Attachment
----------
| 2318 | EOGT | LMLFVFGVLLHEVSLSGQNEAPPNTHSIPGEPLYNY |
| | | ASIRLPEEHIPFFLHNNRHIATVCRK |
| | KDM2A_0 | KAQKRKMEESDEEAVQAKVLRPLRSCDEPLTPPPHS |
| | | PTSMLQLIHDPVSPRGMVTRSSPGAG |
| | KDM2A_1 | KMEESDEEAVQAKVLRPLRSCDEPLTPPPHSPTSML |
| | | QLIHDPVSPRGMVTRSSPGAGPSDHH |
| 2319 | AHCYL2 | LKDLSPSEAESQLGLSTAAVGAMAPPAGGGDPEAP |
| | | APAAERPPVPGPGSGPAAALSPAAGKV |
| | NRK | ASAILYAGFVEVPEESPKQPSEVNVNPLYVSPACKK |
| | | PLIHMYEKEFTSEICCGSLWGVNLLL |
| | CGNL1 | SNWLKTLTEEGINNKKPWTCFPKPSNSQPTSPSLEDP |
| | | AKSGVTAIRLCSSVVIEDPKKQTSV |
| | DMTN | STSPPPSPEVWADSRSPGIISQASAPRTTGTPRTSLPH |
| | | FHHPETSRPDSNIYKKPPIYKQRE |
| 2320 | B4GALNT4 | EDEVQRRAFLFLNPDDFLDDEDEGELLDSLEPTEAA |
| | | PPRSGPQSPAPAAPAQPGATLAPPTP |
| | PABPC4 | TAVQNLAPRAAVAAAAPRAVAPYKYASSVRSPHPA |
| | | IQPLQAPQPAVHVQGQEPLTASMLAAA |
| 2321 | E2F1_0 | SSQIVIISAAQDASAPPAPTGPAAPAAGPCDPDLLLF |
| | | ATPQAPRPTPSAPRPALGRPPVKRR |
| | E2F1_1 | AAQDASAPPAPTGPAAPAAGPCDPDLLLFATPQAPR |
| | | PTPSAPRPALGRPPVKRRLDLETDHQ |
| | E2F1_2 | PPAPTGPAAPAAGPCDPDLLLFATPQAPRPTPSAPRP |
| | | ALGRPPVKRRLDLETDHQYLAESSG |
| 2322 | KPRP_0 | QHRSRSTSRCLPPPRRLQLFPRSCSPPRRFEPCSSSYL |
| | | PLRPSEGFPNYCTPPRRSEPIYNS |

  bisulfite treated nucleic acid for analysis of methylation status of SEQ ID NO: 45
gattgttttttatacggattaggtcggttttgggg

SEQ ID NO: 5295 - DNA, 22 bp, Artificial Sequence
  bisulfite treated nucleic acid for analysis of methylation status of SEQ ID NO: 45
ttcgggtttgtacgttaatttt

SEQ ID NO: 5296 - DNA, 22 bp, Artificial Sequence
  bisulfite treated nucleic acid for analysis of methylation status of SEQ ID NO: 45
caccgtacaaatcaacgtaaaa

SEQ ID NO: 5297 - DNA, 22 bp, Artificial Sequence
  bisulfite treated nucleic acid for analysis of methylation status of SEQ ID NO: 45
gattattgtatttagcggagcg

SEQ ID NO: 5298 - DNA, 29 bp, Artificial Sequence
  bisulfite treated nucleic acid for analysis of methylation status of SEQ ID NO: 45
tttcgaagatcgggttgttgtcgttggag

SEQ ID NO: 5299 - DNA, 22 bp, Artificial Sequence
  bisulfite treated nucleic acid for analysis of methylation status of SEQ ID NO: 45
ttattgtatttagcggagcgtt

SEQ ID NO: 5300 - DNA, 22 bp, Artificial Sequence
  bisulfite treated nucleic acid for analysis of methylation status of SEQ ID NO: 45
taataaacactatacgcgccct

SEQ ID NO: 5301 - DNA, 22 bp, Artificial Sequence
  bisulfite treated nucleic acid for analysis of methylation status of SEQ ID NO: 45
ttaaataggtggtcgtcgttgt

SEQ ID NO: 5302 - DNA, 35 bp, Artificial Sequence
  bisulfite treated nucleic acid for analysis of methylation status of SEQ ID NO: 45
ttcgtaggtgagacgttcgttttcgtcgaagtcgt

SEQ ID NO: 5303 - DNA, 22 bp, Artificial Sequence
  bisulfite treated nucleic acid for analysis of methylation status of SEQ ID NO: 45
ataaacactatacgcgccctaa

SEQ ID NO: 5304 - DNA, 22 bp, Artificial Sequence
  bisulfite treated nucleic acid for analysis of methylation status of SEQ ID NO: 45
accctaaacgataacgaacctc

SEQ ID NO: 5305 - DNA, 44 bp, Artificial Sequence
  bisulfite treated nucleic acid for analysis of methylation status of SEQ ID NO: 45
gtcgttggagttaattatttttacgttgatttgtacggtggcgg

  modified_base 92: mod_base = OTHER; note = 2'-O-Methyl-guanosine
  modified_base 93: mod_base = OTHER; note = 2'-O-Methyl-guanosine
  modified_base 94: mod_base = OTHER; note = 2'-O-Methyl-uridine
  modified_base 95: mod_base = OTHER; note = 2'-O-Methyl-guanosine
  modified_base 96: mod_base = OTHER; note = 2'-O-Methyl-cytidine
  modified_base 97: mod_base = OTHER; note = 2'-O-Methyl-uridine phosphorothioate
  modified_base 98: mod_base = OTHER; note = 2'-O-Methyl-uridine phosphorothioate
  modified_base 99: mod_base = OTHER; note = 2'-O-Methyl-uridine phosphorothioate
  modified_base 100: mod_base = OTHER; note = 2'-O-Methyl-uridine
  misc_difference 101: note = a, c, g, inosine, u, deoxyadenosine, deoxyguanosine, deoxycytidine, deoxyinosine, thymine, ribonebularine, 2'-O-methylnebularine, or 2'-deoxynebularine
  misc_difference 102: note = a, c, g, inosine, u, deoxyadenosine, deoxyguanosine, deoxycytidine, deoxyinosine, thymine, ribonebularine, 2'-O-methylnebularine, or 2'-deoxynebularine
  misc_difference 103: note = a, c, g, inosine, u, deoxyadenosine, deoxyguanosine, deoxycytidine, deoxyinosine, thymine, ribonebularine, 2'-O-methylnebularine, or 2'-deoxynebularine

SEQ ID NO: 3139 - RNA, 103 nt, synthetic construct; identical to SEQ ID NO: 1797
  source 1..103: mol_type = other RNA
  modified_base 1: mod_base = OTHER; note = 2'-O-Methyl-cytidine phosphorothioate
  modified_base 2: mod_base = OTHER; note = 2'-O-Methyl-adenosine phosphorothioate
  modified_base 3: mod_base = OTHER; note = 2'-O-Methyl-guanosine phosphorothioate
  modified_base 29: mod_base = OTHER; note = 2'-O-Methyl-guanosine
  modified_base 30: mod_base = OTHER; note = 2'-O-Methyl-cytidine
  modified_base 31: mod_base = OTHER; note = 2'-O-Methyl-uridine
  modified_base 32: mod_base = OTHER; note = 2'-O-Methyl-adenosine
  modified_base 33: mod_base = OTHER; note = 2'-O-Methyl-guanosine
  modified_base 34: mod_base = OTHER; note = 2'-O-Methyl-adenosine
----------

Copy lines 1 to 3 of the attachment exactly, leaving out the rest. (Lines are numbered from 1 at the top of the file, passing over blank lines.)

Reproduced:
| 2318 | EOGT | LMLFVFGVLLHEVSLSGQNEAPPNTHSIPGEPLYNY |
| | | ASIRLPEEHIPFFLHNNRHIATVCRK |
| | KDM2A_0 | KAQKRKMEESDEEAVQAKVLRPLRSCDEPLTPPPHS |